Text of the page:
1 Tuesday, 20 February 2001
2 [Judgement on Appeal]
3 [Open session]
4 [The accused entered court]
5 --- Upon commencing at 3.30 p.m.
6 JUDGE HUNT: Call the case, please.
7 THE REGISTRAR: The Prosecutor versus Zejnil Delalic, Zdravko
8 Mucic, Hazim Delic, and Esad Landzo. Case number IT-96-21-A.
9 JUDGE HUNT: Appearances for the Prosecution.
10 MR. YAPA: May it please Your Honours. I appear for the
11 Prosecution. I am Upawansa Yapa. I appear for the Prosecution with
12 Mr. Norman Farrell, Ms. Sonja Boelaert-Suominen, and Mr. Roeland Bos.
13 JUDGE HUNT: Thank you.
14 For Mr. Delalic.
15 MR. ACKERMAN: Good afternoon, Your Honours. I'm John Ackerman.
16 I appear on behalf of Mr. Zejnil Delalic, who is anxiously awaiting a
17 phone call from me in Konjic. Thank you.
18 JUDGE HUNT: For Mr. Delic.
19 MR. KARABDIC: I am Salih Karabdic from Sarajevo. My colleague
20 Thomas Moran from Houston. We represent Hazim Delic.
21 JUDGE HUNT: Thank you.
22 For Mr. Mucic.
23 MR. KUZMANOVIC: Good afternoon, Your Honours. Tomislav
24 Kuzmanovic and Howard Morrison here on behalf of Mr. Mucic.
25 JUDGE HUNT: And for Mr. Landzo.
1 MS. SINATRA: Good afternoon, Your Honours. I'm Cynthia Sinatra,
2 and along with Peter Murphy, we represent Esad Landzo.
3 JUDGE HUNT: Thank you.
4 The Appeals Chamber is sitting today to deliver judgement in an
5 appeal from a judgement from a Trial Chamber, given in a case which has
6 been known as the Celebici case. The Trial Chamber was constituted by
7 Judge Karibi-Whyte, who presided, Judge Odio-Benito, and Judge Jan.
8 The Trial.
9 The trial related to events which took place in 1992 in a prison
10 camp near the town of Celebici in central Bosnia and Herzegovina. The
11 four accused in this case, Zejnil Delalic, Zdravko Mucic, Hazim Delic, and
12 Esad Landzo, were charged with numerous counts of grave breaches of the
13 Geneva Conventions of 1949 under Article 2 of the Tribunal's Statute and
14 of violations of the laws or customs of war under Article 3. The victims
15 were the Bosnian Serb detainees in the Celebici camp.
16 Delalic was alleged to have coordinated the activities of the
17 Bosnian Muslim and Bosnian Croat forces in the area and later to have been
18 the Commander of the First Tactical Group of the Bosnian army. He was
19 alleged in that capacity to have had authority over the Celebici camp.
20 The Trial Chamber found him not guilty on all counts, on the basis that he
21 did not have sufficient command and control over the Celebici camp and its
22 guards to found his criminal responsibility as a superior for the crimes
23 which they committed in the camp.
24 Mucic was found by the Trial Chamber to be the Commander of the
25 Celebici camp, and he was found guilty under the principles of superior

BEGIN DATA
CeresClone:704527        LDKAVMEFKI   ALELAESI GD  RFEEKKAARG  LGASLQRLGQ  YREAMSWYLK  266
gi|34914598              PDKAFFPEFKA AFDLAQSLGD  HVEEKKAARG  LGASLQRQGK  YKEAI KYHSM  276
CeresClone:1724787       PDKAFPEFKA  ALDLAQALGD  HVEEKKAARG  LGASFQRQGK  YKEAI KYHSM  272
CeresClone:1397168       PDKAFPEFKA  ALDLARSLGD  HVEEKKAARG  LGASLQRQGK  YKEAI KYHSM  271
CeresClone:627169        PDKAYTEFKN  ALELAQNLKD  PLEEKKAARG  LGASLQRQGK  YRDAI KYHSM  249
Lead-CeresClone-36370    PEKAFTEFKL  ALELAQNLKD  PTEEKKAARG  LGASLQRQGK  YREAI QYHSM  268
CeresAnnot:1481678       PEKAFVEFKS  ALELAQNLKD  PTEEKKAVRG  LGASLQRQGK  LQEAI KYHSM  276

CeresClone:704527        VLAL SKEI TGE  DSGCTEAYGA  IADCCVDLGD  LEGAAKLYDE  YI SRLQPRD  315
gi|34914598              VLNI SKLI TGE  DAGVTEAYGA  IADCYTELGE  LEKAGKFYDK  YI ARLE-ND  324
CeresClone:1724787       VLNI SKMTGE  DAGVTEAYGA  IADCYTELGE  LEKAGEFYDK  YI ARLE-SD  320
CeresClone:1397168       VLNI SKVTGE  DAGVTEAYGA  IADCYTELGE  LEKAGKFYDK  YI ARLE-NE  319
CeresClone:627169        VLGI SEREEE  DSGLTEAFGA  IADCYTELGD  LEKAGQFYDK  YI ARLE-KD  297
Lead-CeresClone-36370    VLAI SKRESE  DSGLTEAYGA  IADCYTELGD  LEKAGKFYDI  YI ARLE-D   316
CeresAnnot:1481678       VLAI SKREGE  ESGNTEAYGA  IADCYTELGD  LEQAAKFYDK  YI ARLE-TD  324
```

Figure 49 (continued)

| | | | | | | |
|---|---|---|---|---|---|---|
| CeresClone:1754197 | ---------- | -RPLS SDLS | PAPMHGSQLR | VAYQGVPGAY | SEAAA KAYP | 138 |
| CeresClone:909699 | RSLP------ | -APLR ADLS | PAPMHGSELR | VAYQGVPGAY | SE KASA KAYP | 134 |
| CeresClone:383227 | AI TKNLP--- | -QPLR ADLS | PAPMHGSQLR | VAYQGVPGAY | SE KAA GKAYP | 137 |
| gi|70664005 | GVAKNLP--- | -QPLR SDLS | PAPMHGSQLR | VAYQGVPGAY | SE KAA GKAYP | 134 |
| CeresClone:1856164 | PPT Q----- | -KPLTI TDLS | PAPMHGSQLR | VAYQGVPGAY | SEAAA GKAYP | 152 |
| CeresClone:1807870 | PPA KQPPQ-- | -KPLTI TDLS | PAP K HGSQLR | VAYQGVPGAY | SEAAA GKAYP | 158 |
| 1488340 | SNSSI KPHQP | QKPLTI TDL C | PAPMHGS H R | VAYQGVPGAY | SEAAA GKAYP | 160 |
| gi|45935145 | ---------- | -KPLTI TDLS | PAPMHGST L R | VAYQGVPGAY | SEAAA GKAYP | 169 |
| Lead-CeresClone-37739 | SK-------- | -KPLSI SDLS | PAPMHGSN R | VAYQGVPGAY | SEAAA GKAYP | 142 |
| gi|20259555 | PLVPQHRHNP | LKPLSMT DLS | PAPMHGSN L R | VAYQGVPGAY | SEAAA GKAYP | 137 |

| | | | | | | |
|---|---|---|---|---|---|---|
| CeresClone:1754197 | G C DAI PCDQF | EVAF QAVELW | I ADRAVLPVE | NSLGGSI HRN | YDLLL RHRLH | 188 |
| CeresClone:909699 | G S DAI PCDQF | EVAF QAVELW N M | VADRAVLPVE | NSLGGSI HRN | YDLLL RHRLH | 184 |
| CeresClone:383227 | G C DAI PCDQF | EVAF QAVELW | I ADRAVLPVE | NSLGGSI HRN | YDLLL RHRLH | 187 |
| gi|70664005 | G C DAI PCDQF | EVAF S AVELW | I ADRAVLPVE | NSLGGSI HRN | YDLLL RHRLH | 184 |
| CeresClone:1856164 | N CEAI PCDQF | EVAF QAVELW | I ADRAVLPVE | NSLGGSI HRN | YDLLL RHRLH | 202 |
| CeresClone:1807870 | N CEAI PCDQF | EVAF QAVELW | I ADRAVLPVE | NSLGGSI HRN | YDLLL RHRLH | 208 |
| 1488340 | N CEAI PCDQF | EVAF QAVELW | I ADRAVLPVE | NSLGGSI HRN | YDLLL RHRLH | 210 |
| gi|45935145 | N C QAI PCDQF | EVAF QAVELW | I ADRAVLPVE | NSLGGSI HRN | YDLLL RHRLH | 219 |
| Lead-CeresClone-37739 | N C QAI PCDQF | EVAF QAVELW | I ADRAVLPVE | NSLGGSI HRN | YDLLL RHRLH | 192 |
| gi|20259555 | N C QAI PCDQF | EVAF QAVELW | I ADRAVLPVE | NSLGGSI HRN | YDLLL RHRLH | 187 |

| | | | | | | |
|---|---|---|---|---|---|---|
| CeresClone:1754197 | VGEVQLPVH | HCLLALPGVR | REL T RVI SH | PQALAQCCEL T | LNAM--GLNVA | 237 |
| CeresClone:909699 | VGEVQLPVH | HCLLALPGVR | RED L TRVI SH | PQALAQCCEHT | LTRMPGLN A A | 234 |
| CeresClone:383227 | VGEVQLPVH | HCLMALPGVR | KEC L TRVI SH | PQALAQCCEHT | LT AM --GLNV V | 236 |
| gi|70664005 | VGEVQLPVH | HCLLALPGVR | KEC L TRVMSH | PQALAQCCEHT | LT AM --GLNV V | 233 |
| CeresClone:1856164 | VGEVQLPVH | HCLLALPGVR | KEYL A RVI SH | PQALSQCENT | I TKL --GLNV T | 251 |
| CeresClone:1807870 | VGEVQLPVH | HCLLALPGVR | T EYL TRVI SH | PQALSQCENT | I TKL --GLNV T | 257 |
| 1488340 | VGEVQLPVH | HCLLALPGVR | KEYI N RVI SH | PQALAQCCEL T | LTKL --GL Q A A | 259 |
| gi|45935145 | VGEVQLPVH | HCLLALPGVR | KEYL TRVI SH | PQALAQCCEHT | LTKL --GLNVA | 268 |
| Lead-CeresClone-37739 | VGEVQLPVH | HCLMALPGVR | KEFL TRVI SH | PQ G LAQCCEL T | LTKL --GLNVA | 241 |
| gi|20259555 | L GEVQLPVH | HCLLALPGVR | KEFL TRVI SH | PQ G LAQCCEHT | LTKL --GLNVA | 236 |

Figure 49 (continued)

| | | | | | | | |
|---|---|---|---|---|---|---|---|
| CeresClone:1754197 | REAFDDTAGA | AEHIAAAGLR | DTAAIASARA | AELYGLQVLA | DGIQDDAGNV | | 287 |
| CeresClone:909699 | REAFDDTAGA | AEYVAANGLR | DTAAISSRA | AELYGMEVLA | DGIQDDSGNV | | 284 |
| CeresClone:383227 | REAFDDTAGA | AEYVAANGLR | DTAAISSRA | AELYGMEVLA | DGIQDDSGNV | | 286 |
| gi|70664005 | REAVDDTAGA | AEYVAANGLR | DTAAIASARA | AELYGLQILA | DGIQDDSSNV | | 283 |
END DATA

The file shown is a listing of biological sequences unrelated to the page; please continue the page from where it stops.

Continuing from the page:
1 responsibility for crimes committed by his subordinates, including murder,
2 torture, and inhuman treatment. He was also found guilty of personal
3 responsibility for the unlawful confinement of civilians. Mucic was given
4 a total sentence of seven years.
5 Delic was found by the Trial Chamber to have acted as the Deputy
6 Commander of the camp, and he was found guilty on the basis of personal
7 responsibility for crimes including murder, torture, and inhuman
8 treatment. He was given a total sentence of twenty years.
9 Landzo was found by the Trial Chamber to be a guard at the camp,
10 and he was found guilty of committing offences including murder, torture,
11 and cruel treatment. He was given a total sentence of fifteen years'
13 The Appeal.
14 The three convicted accused, Mucic, Delic, and Landzo, filed
15 appeals against the Trial Chamber's judgement. The Prosecution also filed
16 an appeal against the judgement on a number of grounds, including grounds
17 of appeal relating to the acquittal of Delalic. The four appellants
18 between them filed a total of 48 grounds of appeal. Certain of the
19 grounds of appeal of the three convicted appellants related to the same
20 subject matter, and they were therefore dealt with together in the hearing
21 of oral submissions and in the written judgement delivered today.
22 For the purposes of this hearing, I propose to summarise briefly
23 the conclusions of the Appeals Chamber on the various grounds of appeal,
24 grouped in the same order as they are dealt with in the judgement. I
25 emphasise that this is a summary only, and that it forms no part of the
1 judgement which is delivered. The only authoritative account of the
2 Appeals Chamber's conclusions, and of its reasons for those conclusions,
3 is to be found in the written judgement, copies of which will be made
4 available to the parties at the conclusion of this hearing.
5 Article 2 of the Statute.
6 The convicted appellants raised three issues in relation to the
7 legal conditions for the application of Article 2 of the Statute, which
8 gives to the Tribunal jurisdiction over grave breaches of the Geneva
9 Conventions of 1949.
10 It is established in the Tribunal's jurisprudence that the
11 Prosecution must prove the existence of an international armed conflict in
12 relation to any offences charged under Article 2. The Trial Chamber found
13 that the armed conflict in Bosnia and Herzegovina at the relevant time was
14 international, as the Bosnian Serb forces fighting in Bosnia and
15 Herzegovina were under the control of the Federal Republic of Yugoslavia.
16 The Appeals Chamber has reaffirmed its Tadic Conviction Appeal Judgement,
17 which had been followed in its Aleksovski Appeal Judgement and which held
18 that what must be established by the Prosecution is that the foreign
19 intervening party was in overall control of the local forces.
20 The Appeals Chamber has reiterated that it will follow the ratio
21 decidendi of its previous decisions unless there are cogent reasons in the